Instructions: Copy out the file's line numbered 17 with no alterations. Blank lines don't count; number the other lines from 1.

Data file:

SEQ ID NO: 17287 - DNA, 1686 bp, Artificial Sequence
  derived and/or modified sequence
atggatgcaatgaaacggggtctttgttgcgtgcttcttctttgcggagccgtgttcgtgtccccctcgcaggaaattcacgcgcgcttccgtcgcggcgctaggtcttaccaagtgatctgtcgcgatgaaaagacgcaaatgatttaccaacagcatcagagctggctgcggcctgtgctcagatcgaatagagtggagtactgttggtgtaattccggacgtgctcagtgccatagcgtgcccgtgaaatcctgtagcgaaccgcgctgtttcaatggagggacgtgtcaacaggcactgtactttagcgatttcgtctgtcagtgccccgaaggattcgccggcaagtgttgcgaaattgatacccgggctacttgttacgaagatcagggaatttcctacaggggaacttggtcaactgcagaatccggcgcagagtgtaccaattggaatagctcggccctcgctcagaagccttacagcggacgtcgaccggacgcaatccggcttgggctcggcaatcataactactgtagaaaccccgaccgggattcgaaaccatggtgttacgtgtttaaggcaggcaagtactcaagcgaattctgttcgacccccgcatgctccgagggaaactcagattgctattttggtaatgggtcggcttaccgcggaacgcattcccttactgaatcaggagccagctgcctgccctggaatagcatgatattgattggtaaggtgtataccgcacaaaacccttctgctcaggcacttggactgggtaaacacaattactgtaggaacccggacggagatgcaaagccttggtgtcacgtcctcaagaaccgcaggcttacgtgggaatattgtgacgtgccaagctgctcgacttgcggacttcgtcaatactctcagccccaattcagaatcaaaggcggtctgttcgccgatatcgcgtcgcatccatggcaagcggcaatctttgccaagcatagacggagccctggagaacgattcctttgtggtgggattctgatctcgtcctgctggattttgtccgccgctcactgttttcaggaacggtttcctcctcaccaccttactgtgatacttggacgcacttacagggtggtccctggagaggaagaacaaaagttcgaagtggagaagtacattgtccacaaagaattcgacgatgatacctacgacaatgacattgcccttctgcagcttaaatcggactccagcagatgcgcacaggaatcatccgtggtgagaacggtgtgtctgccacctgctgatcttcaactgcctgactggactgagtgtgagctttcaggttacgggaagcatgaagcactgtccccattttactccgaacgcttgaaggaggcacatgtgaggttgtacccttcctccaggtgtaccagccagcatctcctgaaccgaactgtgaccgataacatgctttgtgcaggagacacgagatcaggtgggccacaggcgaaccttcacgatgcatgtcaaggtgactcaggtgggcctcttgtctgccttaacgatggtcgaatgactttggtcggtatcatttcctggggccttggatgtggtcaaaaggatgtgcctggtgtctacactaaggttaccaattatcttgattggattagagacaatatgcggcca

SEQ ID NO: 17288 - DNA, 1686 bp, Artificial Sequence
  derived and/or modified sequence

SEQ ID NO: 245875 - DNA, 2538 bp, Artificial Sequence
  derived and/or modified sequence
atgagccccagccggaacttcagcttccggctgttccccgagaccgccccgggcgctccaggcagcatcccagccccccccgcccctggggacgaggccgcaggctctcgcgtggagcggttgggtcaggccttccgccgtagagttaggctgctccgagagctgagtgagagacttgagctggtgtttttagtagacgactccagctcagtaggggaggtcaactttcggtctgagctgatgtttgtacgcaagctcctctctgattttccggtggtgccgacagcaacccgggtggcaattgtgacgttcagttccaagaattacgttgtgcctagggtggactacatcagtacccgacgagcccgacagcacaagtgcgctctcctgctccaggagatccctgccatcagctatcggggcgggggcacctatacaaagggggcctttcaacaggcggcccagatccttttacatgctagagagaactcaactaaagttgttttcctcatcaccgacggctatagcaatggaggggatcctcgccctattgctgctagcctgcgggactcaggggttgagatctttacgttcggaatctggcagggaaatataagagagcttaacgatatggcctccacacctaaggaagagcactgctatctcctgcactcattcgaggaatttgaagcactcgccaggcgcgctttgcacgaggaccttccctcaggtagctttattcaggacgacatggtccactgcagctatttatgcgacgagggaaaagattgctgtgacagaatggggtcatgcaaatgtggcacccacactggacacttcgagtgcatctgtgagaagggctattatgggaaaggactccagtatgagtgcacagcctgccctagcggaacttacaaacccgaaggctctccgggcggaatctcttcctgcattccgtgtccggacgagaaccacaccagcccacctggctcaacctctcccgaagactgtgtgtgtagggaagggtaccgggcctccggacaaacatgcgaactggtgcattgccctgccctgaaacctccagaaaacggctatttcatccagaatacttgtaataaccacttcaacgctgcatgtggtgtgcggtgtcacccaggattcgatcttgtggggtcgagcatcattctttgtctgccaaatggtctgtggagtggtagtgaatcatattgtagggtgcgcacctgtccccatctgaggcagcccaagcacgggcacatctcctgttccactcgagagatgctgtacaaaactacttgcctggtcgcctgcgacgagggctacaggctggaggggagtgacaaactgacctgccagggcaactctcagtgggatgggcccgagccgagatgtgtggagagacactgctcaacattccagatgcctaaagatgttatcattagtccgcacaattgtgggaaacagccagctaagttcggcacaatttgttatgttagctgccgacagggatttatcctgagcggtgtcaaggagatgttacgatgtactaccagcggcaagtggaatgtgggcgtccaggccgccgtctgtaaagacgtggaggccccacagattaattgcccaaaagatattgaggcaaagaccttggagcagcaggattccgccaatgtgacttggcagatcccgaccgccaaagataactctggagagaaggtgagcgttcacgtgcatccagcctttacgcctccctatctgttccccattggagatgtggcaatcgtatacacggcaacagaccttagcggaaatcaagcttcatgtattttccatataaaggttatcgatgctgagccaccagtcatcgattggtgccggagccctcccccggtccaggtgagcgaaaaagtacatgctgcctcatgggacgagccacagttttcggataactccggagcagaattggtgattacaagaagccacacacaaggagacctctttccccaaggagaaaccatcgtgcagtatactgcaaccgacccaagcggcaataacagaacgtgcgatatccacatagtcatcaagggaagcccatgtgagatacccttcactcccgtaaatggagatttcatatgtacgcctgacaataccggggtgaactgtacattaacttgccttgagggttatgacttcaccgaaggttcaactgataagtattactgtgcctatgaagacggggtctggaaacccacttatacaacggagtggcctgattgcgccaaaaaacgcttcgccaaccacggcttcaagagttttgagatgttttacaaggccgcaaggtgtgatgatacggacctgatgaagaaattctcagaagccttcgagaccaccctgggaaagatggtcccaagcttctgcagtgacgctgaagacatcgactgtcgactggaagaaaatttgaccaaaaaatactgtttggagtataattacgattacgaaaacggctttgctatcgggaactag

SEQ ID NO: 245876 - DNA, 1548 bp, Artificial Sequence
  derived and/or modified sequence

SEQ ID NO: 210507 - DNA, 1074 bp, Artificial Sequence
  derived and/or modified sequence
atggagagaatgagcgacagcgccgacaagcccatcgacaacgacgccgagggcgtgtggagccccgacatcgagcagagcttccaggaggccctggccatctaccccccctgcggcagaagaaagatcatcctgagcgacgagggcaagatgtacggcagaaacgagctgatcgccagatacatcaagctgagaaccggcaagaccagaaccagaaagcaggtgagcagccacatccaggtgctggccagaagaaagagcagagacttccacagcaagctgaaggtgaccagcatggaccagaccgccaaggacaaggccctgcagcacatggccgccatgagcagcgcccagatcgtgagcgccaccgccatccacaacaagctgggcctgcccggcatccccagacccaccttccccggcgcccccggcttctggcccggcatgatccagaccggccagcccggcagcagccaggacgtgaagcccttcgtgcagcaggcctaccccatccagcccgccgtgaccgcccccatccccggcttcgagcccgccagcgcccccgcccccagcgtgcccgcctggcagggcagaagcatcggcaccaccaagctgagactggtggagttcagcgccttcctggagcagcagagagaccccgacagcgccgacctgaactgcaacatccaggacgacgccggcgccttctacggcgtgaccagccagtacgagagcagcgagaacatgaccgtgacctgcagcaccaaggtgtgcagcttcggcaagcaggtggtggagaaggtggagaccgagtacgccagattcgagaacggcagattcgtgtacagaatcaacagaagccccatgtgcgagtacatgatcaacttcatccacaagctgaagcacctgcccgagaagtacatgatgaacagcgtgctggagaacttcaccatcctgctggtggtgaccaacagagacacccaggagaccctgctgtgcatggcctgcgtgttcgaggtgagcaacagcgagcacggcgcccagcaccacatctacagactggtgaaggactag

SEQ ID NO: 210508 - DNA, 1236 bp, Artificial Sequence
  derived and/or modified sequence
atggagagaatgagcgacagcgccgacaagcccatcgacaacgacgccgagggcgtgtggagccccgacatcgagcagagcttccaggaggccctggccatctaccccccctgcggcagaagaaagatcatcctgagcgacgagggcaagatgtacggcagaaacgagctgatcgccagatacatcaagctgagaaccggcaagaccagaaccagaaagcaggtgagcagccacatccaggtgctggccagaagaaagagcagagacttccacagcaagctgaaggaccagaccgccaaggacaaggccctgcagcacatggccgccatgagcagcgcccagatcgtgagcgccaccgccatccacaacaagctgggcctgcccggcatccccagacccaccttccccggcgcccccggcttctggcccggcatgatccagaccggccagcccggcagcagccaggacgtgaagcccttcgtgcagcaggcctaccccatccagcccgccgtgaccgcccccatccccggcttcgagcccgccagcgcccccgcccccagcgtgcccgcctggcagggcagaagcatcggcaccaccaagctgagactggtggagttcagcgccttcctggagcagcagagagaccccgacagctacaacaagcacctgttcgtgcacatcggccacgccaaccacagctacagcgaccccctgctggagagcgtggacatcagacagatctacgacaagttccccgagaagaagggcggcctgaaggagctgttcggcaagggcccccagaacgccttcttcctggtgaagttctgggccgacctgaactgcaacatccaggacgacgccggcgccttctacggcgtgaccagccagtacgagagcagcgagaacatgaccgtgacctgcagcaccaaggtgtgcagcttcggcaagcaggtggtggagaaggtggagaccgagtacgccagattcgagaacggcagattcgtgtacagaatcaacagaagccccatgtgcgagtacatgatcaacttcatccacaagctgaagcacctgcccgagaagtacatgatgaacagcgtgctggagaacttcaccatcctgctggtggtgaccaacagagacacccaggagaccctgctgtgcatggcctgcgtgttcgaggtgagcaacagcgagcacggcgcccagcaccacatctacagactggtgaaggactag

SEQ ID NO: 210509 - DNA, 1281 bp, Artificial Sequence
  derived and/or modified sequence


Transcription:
SEQ ID NO: 210509 - DNA, 1281 bp, Artificial Sequence